John Drescher

Hunt v. Helms: Two pros on what makes a good speech

Paul Farmer, an internationally known physician, lost much of his audience when he spoke at Duke’s graduation. A few days later, Jason Brown, a football player turned farmer who spoke at a Triangle YMCA banquet, captivated his.

Farmer is a physician who’s done remarkable work in Haiti and elsewhere. He was the subject of Tracy Kidder’s 2003 book, “Mountains Beyond Mountains.” Perhaps because of modesty, Farmer didn’t tell the graduates any stories about his work. Some graduates said they wish he had.

Farmer spoke for about 40 minutes. It seemed longer.

Brown played at UNC and for seven years in the NFL. He retired even as several teams expressed interest in him. He felt called to farm – even though he knew nothing about farming – so that he could give away food to people who need it. He told his story, which included the death of his brother in Afghanistan. As his voice caught, the audience was silent, still, spellbound.

Brown spoke for about 30 minutes. It seemed shorter.

The difference in the reaction of the two audiences got me thinking: What makes a good speech? I turned to two Raleigh consultants who have advised politicians and others on communication strategies: Gary Pearce and Carter Wrenn.

Pearce, a Democrat, advised former Gov. Jim Hunt. Wrenn, a Republican, advised U.S. Sen. Jesse Helms. They blog at talkingaboutpolitics.com.

‘An ephemeral thing’

I asked them: What makes a good speech? What advice have you given to people before they speak? When it comes to North Carolinians, who are the three best speakers you’ve heard?

Wrenn said it’s vital a speaker have an authentic voice. “It’s an ephemeral thing to describe,” he told me. “Reagan had a voice that was all him. When you hear one, you know it. Churchill was the same way. A great speaker has a voice like a writer does.”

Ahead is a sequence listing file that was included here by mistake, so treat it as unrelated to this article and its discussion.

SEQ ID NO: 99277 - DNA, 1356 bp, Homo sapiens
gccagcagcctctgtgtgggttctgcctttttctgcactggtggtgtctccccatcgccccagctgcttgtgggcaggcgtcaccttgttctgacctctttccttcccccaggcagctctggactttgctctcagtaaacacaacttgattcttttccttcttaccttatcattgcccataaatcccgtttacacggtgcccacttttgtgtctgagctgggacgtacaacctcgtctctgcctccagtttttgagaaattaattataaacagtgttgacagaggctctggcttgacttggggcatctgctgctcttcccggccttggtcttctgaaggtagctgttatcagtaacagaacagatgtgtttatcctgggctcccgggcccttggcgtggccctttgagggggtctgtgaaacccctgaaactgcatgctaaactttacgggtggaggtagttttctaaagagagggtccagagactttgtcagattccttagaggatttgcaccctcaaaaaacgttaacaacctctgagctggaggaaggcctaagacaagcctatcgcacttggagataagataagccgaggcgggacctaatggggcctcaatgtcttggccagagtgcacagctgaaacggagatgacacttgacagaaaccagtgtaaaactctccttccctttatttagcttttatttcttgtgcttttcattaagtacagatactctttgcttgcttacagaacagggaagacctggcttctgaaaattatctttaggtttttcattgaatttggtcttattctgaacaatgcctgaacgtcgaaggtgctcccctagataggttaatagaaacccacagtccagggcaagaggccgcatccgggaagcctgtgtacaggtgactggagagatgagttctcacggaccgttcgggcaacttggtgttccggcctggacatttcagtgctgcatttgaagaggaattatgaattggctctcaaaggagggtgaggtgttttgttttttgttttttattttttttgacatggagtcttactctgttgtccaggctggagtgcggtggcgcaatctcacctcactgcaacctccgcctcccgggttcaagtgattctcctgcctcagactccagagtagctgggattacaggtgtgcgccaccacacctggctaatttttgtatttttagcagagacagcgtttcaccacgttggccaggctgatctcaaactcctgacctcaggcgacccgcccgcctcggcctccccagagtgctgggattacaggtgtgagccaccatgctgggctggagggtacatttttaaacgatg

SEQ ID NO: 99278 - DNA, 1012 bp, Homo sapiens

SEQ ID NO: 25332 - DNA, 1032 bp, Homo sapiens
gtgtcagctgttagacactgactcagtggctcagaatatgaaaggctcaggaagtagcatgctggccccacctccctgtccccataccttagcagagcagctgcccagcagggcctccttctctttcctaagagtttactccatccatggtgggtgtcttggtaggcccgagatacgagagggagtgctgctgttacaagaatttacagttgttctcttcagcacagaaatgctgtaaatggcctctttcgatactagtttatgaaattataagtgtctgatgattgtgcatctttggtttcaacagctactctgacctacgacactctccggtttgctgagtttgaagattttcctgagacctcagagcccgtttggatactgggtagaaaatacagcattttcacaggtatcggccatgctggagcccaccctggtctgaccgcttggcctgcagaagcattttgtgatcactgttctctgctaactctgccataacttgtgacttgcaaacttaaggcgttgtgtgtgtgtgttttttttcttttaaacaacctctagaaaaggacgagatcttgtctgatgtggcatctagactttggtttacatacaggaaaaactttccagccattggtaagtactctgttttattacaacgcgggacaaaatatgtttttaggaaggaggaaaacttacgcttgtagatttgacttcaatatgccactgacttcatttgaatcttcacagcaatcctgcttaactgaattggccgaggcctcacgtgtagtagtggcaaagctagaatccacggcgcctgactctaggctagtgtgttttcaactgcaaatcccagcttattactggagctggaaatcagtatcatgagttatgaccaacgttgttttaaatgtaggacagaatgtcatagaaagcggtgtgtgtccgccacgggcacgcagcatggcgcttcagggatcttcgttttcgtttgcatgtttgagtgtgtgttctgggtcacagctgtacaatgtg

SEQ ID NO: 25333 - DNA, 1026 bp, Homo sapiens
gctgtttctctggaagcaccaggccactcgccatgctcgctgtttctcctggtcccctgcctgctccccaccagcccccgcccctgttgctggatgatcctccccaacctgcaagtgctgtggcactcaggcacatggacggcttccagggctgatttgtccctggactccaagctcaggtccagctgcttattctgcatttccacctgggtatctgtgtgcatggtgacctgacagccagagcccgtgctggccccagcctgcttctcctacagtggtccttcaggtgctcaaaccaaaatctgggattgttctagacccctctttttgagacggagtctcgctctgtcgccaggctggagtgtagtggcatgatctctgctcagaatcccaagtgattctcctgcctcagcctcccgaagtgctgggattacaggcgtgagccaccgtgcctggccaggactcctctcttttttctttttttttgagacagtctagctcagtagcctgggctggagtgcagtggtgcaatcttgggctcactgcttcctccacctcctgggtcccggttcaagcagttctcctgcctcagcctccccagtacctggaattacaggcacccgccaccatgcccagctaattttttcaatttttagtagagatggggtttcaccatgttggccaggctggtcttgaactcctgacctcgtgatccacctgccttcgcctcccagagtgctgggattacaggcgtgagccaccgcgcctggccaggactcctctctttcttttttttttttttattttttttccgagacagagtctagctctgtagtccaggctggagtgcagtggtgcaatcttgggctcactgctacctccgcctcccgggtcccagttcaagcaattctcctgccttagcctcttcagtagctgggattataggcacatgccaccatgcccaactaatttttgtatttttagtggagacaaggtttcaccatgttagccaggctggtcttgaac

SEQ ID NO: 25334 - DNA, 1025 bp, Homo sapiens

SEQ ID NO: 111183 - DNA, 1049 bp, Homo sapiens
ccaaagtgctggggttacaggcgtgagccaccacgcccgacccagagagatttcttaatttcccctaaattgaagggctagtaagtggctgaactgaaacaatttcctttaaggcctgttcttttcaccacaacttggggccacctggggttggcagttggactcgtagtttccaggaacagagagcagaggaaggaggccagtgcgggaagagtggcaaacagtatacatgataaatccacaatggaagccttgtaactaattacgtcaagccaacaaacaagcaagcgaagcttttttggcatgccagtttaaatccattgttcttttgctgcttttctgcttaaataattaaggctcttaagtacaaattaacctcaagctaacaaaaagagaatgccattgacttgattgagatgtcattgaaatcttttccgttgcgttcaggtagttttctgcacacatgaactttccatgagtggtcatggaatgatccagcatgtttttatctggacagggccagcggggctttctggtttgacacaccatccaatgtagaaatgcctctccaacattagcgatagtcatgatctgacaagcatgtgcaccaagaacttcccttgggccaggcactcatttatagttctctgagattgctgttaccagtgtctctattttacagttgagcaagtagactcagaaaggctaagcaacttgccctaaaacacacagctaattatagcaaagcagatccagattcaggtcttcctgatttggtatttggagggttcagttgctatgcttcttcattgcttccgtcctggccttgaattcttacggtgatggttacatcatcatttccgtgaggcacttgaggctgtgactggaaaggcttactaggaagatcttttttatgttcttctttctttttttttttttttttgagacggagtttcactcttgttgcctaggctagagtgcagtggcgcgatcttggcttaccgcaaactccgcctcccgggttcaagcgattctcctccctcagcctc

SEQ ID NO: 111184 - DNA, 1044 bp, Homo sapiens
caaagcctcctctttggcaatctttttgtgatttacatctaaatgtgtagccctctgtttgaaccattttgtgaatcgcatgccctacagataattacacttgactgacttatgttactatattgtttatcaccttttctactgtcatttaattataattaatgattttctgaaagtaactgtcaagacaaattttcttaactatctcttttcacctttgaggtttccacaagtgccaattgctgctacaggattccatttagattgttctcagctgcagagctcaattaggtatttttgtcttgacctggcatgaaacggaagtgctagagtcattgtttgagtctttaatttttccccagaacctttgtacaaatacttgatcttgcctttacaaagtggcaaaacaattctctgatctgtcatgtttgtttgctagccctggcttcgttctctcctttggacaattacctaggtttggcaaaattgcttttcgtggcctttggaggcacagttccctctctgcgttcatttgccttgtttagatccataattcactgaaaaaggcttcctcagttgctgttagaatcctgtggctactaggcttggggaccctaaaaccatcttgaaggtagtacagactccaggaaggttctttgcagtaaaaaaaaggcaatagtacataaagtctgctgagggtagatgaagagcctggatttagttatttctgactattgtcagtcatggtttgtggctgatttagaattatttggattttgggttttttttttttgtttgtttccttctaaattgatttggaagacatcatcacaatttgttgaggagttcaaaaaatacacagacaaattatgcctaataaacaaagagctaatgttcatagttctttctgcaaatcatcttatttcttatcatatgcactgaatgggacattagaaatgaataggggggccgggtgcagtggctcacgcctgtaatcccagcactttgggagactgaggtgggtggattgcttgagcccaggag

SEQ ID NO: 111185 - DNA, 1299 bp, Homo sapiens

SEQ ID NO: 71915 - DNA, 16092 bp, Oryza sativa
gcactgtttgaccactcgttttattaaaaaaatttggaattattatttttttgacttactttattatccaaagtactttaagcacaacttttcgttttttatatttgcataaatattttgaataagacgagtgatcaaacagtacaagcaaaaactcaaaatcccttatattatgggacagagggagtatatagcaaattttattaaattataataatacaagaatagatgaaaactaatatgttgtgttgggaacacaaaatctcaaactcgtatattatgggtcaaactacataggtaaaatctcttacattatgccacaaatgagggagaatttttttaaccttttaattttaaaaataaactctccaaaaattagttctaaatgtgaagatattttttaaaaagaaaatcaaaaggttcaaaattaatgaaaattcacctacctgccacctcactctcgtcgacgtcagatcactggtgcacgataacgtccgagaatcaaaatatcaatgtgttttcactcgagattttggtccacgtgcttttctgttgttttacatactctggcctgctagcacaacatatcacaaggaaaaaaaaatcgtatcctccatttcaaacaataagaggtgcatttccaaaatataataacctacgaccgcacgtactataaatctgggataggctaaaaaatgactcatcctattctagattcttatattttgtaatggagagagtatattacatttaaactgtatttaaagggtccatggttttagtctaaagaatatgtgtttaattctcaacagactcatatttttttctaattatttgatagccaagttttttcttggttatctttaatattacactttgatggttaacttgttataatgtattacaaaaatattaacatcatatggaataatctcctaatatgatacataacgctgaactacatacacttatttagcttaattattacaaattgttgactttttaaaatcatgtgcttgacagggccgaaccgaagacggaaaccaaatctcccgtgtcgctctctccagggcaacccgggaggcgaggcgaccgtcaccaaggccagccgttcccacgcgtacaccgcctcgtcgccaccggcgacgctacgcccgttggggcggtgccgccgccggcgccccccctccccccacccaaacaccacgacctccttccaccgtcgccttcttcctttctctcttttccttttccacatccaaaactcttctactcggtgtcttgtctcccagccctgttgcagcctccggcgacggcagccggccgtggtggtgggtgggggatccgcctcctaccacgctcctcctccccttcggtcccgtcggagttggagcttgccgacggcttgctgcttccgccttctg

Good speakers, Wrenn said, tell people something they didn’t know or get people to look at a problem in a new light. They tell a story rather than giving a lecture.

Wrenn advises speech makers to not read their speech to the audience. “Talk to people, don’t speak at them,” he said. “And a speech that isn’t entertaining – that’s just a recitation of facts – is just a dud.”

His top three speakers:

▪ Sen. Helms. “He had an authentic voice that was all him.”

▪ Billy Graham. “He had a message and he explained it clearly and simply.”

▪ Ira David Wood. Wrenn heard the actor speak about a play. “He was very natural. It was like he was talking to you.”

Pearce said brevity is most important. “There is no such thing as a good 40-minute speech. Period,” Pearce said in an email. He cited Lincoln’s Gettysburg Address, one of the great speeches in American history, delivered in less than three minutes.

‘Writing to be heard’

A speech needs a clear message, he said, such as Franklin Roosevelt’s first inaugural address in 1933, in which he said, “The only thing we have to fear is fear itself.”

Also, Pearce said, “Writing to be heard is different from writing to be read. It calls for imagery, good metaphors. You have to draw a picture.”

Pearce advises speakers to keep it short, know your audience and be hopeful and optimistic.

His top three:

▪ Gov. Hunt. “His sincerity and belief in what he said always came through.”

▪ Jim Valvano. “He was always funny, provocative, perceptive and uplifting.”

▪ Betty McCain, a Hunt pol known for her wit: “Because she had the single best line ever in a commencement speech, to my daughter’s graduating class at St. Mary’s: ‘You think this is a small school? The high school I went to was so small we had to use the same car for driver’s ed and sex ed.’”

Drescher: 919-829-4515 or jdrescher@newsobserver.com.

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